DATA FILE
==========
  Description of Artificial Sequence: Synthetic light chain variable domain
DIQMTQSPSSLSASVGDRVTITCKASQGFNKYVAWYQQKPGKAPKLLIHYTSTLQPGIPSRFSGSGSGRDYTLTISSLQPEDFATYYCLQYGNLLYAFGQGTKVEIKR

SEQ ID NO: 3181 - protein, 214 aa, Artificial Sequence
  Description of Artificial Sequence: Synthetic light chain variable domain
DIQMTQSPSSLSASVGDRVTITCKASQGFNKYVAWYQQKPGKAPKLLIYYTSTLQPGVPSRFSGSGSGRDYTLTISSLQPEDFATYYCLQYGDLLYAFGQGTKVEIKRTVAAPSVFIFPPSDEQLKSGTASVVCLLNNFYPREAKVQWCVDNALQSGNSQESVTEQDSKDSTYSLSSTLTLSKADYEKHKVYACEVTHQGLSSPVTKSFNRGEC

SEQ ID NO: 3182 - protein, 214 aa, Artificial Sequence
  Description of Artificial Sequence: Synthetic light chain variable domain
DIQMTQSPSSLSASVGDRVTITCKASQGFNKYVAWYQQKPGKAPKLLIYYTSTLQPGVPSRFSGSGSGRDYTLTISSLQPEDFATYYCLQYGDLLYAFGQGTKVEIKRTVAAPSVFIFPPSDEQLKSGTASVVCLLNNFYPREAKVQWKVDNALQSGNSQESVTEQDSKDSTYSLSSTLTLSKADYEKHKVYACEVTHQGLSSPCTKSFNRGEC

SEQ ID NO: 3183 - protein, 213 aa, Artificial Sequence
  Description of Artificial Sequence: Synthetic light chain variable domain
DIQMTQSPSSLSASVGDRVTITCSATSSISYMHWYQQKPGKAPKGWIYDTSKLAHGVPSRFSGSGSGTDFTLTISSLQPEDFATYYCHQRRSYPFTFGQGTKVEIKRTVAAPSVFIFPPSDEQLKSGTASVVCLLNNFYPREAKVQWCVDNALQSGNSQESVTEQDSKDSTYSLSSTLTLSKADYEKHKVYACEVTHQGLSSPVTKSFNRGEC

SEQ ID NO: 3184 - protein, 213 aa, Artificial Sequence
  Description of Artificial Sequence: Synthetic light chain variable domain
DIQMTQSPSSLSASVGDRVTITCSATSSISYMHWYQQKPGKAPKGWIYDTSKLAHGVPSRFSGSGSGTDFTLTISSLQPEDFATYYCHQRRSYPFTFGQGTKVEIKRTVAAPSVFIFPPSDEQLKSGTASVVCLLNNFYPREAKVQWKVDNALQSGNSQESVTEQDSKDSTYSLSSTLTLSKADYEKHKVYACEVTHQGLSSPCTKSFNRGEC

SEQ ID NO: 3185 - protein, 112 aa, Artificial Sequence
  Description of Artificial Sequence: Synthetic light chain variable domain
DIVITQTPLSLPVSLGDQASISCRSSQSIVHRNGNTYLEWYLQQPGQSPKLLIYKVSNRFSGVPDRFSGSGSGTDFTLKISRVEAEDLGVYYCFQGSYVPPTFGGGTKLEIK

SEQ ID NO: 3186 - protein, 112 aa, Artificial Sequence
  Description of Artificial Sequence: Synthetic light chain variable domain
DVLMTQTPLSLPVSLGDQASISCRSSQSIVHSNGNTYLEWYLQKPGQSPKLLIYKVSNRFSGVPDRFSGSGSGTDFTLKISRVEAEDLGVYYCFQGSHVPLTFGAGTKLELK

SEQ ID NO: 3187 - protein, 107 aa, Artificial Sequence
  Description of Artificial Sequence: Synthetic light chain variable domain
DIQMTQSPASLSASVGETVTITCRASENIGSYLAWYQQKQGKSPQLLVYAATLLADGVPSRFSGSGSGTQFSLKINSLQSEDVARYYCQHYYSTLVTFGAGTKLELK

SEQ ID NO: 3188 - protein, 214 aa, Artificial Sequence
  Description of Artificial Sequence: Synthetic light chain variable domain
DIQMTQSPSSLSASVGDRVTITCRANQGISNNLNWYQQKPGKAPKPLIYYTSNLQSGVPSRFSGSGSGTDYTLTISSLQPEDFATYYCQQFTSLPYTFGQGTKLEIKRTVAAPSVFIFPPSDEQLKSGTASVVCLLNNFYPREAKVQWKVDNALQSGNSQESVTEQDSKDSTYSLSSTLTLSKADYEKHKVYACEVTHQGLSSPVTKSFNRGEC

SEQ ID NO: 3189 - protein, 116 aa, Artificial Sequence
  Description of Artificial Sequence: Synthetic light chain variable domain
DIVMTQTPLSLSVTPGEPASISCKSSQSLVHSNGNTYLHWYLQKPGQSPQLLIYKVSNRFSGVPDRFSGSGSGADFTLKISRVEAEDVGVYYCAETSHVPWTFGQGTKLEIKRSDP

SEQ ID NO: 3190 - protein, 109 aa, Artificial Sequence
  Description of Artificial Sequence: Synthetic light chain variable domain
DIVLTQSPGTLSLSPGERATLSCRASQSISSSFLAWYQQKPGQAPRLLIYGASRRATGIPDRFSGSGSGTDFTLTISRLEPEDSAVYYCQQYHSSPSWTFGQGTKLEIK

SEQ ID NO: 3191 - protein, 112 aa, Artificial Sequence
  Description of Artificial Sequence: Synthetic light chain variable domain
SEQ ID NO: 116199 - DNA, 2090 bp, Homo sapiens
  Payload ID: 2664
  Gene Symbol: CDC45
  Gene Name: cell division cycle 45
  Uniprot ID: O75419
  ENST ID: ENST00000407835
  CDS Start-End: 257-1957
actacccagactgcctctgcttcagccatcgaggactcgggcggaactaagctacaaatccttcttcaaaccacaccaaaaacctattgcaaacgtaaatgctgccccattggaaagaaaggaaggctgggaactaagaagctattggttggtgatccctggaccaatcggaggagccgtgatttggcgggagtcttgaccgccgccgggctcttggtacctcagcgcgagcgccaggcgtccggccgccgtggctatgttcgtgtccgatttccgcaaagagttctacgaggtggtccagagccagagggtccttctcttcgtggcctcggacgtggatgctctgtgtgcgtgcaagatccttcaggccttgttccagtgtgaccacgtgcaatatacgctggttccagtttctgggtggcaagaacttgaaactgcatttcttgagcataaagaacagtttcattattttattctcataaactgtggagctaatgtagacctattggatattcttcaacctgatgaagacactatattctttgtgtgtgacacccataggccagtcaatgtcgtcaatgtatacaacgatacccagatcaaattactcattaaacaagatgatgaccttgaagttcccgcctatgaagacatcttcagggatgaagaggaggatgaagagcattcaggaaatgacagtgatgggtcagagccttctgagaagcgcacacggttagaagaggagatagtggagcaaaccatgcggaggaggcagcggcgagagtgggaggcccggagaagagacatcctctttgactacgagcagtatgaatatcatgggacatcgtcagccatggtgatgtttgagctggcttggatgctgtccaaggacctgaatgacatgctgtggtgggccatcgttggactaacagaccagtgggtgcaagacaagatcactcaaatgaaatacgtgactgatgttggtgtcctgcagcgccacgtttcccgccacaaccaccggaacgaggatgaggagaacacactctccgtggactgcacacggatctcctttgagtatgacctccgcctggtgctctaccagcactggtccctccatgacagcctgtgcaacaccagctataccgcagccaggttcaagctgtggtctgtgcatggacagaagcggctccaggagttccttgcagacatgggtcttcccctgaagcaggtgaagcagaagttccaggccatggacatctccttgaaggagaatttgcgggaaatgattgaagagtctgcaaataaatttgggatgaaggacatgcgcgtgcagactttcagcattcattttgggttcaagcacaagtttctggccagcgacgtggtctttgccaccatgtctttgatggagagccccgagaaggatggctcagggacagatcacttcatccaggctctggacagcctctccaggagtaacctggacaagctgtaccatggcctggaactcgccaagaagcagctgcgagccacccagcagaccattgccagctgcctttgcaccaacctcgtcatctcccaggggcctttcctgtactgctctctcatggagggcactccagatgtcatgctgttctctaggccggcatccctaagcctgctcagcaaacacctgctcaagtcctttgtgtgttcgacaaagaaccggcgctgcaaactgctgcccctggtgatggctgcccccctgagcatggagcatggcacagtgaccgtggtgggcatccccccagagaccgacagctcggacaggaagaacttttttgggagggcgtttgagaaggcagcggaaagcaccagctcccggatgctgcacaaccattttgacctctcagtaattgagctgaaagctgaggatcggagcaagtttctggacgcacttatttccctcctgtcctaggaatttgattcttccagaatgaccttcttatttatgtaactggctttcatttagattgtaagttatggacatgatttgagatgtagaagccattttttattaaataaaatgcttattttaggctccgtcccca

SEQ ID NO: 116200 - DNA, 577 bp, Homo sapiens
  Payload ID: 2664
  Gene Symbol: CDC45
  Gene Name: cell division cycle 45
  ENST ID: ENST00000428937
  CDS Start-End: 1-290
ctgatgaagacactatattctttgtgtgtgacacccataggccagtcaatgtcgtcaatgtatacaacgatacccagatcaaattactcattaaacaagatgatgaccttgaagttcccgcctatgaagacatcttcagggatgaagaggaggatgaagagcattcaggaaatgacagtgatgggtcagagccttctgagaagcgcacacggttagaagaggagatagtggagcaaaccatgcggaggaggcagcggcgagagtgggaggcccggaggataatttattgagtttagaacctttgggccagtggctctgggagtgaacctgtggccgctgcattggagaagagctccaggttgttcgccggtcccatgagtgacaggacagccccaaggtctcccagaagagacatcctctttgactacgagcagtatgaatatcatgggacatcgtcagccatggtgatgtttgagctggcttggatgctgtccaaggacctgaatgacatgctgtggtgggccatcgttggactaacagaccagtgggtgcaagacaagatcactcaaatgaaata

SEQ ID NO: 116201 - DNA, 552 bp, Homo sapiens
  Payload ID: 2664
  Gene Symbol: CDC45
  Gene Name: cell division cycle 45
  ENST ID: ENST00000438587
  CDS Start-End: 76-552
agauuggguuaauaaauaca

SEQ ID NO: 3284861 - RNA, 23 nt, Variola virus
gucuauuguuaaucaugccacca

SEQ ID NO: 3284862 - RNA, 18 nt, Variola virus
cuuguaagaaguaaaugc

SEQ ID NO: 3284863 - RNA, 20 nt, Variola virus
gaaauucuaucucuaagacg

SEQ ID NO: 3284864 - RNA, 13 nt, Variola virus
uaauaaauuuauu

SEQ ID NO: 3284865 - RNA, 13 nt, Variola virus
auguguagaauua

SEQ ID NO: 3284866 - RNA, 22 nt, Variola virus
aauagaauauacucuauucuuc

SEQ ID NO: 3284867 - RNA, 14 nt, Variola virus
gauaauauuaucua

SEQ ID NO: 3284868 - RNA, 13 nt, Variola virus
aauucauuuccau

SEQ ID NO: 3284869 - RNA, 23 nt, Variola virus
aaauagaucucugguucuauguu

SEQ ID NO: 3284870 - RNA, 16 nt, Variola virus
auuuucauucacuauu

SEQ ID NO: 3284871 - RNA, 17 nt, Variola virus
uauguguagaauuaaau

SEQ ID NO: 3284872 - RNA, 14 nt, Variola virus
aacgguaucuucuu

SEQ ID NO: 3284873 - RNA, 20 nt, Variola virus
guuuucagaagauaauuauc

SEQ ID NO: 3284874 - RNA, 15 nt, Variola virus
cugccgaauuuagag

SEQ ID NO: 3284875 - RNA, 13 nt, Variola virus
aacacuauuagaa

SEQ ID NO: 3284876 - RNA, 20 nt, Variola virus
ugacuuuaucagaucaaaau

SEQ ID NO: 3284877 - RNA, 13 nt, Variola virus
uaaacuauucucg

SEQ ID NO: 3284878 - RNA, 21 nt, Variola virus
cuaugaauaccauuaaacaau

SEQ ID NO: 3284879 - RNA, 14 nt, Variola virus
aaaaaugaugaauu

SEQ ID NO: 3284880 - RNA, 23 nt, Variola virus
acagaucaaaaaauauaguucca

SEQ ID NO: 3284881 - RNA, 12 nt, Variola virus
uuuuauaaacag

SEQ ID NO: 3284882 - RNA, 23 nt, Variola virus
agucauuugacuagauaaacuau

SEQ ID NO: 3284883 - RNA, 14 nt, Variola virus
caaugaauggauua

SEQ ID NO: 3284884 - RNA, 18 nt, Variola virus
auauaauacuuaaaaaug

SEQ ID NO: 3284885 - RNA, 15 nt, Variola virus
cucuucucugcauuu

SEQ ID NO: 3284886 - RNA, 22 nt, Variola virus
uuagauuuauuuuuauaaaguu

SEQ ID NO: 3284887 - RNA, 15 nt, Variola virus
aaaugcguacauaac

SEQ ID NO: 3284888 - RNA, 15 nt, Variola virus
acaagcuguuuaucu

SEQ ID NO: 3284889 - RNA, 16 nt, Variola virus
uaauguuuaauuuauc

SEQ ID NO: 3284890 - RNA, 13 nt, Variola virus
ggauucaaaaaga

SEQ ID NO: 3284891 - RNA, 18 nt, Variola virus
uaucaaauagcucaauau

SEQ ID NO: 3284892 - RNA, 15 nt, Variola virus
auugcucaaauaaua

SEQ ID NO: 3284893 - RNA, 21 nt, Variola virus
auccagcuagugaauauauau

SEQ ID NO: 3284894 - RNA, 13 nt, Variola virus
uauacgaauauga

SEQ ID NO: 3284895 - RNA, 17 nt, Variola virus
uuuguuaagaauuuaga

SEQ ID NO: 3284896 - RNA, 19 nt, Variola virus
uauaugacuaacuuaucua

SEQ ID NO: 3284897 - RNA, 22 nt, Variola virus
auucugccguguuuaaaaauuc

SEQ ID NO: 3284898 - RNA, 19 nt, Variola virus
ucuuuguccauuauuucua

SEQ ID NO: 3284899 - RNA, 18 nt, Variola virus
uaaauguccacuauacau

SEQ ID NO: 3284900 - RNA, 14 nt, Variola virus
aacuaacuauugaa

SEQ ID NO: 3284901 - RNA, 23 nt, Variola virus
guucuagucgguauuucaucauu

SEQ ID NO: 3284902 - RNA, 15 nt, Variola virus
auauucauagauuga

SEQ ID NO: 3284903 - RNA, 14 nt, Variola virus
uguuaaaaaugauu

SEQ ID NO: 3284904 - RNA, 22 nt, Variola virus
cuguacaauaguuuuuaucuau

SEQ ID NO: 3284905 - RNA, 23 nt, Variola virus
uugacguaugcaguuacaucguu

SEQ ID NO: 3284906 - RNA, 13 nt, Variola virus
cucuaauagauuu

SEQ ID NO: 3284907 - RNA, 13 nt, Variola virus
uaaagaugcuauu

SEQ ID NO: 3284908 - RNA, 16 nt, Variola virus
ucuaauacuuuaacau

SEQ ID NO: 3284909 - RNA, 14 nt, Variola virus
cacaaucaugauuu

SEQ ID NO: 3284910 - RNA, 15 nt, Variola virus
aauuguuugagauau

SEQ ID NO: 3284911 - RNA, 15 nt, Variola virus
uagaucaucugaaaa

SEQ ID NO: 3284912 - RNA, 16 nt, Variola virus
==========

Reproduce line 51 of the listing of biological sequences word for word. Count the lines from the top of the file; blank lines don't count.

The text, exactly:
  Payload ID: 2664